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Undercurrent Mailbox: February 23 Edition

Bowen residents gave their thoughts on the Cape Roger Curtis park proposal and Community Centre in our last issue's batch of letters
An old-style fountain pen on paper

Bowen’s Zócalo

The walls are going up and the roof trusses are reshaping the skyline above Snug Cove. Bowen Island is beginning to see a hub take shape to house the energies and events that will amplify the spirit of Bowen Islanders.

I am so proud to see this community centre finally making its presence known. Though controversies were obstacles along the way, I have no doubt that soon Bowen Islanders will not be able to imagine life on our island without this centre.

I am so eager to see the building on the horizon because a cultural hub is what our community needs. When I moved to Bowen Island in 2006 I thought it would be only years before a proper meeting place and cultural space was built on this island.

Yet I have raised a child here, and now she has fledged the nest. During these nearly two decades there was never a place for Bowen Islanders to gather properly, and I am thrilled for the next generation of parents that this will not be true for you and your children. 

A community needs a Zócalo, a Piazza, a Central Square. This is where culture thrives for all age groups, and Bowen has never had one. Now we are building it and all of you will come to it… over and over again. 

You can call me eager but I’m throwing down lots of support for this place. I already donated to name a seat in the performing arts auditorium, not in my own name but in the name of two elders who I love and respect for defining this island for over a century. And now I am choreographing a dance piece to have it ready for the opening of the new stage.

My career as a contemporary dance artist peaked and receded while living on Bowen Island with nearly no opportunities to show my touring work in my own community, though I was travelling across Canada, to the US and Europe with my dance projects. 

In tribute to the courageous leadership of the last council to “finally get this done,” I am working with my fellow-Bowen-Island-performing-artist friend, Ruby Rowat, to create a dance piece for the new centre when it opens. I will even dance in this little offering because I want my community to know that I am fully in support of our cultural hub. 

Bowen Island should have a Zócalo, a Piazza, a community centre where culture thrives, to parallel the vitality of our Island’s forests and shorelines. I hope you are getting excited too as you see the skyline changing on the horizon.

- Gail Lotenberg

Let’s Leave an Invaluable Legacy for Our Children

I am very grateful that Bowen now has the opportunity to bring 240 acres of the unique and precious lands at Cape Roger Curtis into the public domain to be protected and enjoyed for generations to come. This a far better outcome than an extensive development there that would forever exclude Islanders from enjoying that remarkable nature.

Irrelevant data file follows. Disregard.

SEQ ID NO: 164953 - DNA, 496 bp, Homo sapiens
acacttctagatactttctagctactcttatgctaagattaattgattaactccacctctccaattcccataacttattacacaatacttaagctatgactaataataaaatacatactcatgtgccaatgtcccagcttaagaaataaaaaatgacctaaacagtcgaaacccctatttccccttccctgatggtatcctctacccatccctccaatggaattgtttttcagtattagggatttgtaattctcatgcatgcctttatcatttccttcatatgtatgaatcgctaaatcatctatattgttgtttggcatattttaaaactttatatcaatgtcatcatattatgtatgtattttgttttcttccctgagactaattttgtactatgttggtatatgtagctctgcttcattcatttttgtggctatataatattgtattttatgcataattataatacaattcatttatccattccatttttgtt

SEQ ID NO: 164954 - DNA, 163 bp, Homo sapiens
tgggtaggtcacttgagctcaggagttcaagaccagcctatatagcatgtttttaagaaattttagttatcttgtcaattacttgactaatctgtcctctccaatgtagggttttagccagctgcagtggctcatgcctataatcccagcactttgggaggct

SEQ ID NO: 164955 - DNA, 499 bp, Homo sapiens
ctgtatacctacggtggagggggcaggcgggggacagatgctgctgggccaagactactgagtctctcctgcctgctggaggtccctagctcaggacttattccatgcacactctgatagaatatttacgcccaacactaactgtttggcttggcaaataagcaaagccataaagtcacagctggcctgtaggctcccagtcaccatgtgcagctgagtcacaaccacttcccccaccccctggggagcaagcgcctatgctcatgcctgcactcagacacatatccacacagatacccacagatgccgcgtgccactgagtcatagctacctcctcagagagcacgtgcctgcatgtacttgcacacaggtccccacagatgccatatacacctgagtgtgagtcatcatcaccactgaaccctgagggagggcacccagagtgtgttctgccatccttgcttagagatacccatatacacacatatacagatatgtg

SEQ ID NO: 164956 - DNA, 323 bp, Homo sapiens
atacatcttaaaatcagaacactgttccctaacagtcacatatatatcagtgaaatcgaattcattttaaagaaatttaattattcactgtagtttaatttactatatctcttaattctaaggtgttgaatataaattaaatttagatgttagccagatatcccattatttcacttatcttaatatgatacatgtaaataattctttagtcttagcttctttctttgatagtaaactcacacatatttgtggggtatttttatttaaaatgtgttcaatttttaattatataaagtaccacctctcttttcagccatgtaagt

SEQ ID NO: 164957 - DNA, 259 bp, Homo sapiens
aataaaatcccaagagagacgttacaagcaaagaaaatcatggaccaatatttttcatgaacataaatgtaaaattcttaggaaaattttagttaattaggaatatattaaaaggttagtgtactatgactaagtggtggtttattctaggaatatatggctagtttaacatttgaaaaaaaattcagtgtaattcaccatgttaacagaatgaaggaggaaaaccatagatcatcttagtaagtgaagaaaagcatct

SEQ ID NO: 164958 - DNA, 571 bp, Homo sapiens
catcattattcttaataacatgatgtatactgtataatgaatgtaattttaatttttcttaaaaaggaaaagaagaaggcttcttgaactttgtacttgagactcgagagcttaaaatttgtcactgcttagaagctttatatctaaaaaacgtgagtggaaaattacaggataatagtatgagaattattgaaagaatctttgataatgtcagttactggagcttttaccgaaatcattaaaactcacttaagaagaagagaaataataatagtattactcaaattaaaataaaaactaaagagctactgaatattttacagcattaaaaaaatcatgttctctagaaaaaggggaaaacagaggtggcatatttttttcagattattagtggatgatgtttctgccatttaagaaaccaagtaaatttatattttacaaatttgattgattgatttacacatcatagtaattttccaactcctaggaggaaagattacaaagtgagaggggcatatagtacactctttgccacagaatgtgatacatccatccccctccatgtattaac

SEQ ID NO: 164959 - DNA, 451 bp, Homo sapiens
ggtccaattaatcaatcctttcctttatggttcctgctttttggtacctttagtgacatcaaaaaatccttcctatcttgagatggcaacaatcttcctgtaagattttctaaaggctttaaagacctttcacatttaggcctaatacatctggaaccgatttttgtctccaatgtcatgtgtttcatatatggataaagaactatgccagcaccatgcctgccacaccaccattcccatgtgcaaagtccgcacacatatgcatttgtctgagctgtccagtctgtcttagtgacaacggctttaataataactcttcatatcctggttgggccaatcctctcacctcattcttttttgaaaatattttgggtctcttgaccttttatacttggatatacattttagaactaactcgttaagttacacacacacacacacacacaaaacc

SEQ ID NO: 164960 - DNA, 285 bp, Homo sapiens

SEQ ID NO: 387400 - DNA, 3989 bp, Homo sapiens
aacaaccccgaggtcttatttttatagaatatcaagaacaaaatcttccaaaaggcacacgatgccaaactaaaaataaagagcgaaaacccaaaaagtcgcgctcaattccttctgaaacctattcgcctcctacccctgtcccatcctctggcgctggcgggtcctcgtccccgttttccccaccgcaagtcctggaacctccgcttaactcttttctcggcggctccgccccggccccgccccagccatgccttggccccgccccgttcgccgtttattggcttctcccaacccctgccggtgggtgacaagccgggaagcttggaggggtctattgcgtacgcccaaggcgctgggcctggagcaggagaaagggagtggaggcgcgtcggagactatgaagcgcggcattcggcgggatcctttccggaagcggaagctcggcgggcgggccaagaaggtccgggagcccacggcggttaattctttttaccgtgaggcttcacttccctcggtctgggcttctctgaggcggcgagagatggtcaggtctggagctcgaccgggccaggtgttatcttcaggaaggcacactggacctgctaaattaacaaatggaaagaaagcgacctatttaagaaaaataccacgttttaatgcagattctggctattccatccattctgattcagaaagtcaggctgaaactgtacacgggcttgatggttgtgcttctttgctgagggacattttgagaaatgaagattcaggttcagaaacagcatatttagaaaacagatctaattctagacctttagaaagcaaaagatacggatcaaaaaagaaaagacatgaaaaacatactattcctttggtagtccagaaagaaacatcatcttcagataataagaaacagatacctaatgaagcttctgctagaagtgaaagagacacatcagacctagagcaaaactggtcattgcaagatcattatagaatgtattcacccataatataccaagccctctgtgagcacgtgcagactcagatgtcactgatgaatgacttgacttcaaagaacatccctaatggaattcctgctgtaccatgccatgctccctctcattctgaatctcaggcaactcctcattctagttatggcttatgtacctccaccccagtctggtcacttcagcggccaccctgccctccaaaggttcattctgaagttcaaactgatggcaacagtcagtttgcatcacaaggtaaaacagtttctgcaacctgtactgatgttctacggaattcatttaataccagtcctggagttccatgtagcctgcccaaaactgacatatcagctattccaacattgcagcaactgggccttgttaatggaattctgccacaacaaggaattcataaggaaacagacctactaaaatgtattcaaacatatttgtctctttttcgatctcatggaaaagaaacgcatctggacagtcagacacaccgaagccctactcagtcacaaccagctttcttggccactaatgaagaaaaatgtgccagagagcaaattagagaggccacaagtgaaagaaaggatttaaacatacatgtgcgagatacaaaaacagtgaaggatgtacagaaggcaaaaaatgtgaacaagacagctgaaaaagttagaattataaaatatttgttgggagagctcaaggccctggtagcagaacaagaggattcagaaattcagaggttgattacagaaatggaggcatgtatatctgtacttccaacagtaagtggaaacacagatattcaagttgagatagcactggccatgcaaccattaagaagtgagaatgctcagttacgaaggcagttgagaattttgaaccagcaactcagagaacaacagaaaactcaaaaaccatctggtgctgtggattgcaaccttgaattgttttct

My motivation to protect that land comes from my good fortune to have had grandparents who came to Bowen in 1916, enabling me to enjoy this island since the 1950s. It is here on Bowen that my life was immensely enriched by a deep connection to the plants, animals, land and ocean that inspired my entire 30-year career with the United Nations, where I have focused on forest conservation and climate change mitigation in developing countries.

We now have this once-in-a-lifetime opportunity to connect those 240 acres to the adjacent 32 acres of the Wild Coast Nature Refuge, to Fairy Fen Nature Reserve, and to Crown Land, creating a truly substantial conservation area for us to preserve and enjoy.

I also fully understand there are serious concerns related to ferries, traffic and camping that need to be addressed to protect the special quality of life that we so cherish here.

But I think we all need to confront the fact that, without a park, we will not continue to have the kind of ‘informal’ access to those 240 acres of private land that we currently have. Except for a few trails along existing property lines, once developed, the public will no longer be allowed to trespass on these 240 acres. And we will surely not have access to the 900 meters of spectacular south-facing coastal shore that would be a priceless gem of the park.

And from my reading of the 179 pages of bylaws, current residential zoning allows owners of each of those 10-acre lots to construct up to 48,438 square feet of buildable area. Within this area, there can be a primary residence plus 20 secondary structures that can each be up to three storeys high. This would be a far cry from the ‘wild nature’ we value so highly.

So how can we protect Bowen’s precious way of life while protecting the Cape?

Here are some possible ways to address concerns we have:

  • Let’s support work on the electric passenger ferry for hikers and bikers from Vancouver to Snug Cove or Seymour Bay with shuttle buses to the park.
  • Let’s apply for the significant existing BC and federal funds to develop our Cross Island Greenway for bikes and scooters to reduce traffic on our roads.